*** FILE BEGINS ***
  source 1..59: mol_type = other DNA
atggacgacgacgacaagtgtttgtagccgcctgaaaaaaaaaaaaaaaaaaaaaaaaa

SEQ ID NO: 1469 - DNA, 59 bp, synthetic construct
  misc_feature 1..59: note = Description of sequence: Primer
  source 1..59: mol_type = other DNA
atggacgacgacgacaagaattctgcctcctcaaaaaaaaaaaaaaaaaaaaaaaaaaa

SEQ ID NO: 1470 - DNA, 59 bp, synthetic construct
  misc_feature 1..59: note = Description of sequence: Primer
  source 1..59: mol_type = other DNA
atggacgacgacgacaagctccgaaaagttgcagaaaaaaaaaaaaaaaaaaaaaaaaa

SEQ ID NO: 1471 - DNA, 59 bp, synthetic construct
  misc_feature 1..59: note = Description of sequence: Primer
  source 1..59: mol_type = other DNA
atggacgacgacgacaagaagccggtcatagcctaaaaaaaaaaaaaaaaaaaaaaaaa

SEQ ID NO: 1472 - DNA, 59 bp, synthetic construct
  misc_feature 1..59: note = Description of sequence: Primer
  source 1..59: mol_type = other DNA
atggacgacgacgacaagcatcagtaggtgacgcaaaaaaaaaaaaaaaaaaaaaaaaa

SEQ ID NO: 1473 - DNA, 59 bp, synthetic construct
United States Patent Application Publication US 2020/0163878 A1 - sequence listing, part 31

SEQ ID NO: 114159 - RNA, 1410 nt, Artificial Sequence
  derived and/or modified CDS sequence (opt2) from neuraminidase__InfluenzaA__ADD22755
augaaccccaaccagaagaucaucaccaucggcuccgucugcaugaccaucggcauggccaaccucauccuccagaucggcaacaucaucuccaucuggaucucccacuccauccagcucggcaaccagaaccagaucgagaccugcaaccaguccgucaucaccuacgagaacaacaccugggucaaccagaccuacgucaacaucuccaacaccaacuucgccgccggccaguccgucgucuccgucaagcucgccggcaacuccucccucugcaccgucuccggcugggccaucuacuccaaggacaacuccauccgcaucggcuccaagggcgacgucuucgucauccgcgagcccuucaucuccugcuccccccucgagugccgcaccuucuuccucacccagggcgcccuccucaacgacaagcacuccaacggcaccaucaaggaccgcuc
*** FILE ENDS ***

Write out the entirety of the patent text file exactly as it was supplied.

  source 1..59: mol_type = other DNA
atggacgacgacgacaagtgtttgtagccgcctgaaaaaaaaaaaaaaaaaaaaaaaaa

SEQ ID NO: 1469 - DNA, 59 bp, synthetic construct
  misc_feature 1..59: note = Description of sequence: Primer
  source 1..59: mol_type = other DNA
atggacgacgacgacaagaattctgcctcctcaaaaaaaaaaaaaaaaaaaaaaaaaaa

SEQ ID NO: 1470 - DNA, 59 bp, synthetic construct
  misc_feature 1..59: note = Description of sequence: Primer
  source 1..59: mol_type = other DNA
atggacgacgacgacaagctccgaaaagttgcagaaaaaaaaaaaaaaaaaaaaaaaaa

SEQ ID NO: 1471 - DNA, 59 bp, synthetic construct
  misc_feature 1..59: note = Description of sequence: Primer
  source 1..59: mol_type = other DNA
atggacgacgacgacaagaagccggtcatagcctaaaaaaaaaaaaaaaaaaaaaaaaa

SEQ ID NO: 1472 - DNA, 59 bp, synthetic construct
  misc_feature 1..59: note = Description of sequence: Primer
  source 1..59: mol_type = other DNA
atggacgacgacgacaagcatcagtaggtgacgcaaaaaaaaaaaaaaaaaaaaaaaaa

SEQ ID NO: 1473 - DNA, 59 bp, synthetic construct
United States Patent Application Publication US 2020/0163878 A1 - sequence listing, part 31

SEQ ID NO: 114159 - RNA, 1410 nt, Artificial Sequence
  derived and/or modified CDS sequence (opt2) from neuraminidase__InfluenzaA__ADD22755
augaaccccaaccagaagaucaucaccaucggcuccgucugcaugaccaucggcauggccaaccucauccuccagaucggcaacaucaucuccaucuggaucucccacuccauccagcucggcaaccagaaccagaucgagaccugcaaccaguccgucaucaccuacgagaacaacaccugggucaaccagaccuacgucaacaucuccaacaccaacuucgccgccggccaguccgucgucuccgucaagcucgccggcaacuccucccucugcaccgucuccggcugggccaucuacuccaaggacaacuccauccgcaucggcuccaagggcgacgucuucgucauccgcgagcccuucaucuccugcuccccccucgagugccgcaccuucuuccucacccagggcgcccuccucaacgacaagcacuccaacggcaccaucaaggaccgcuc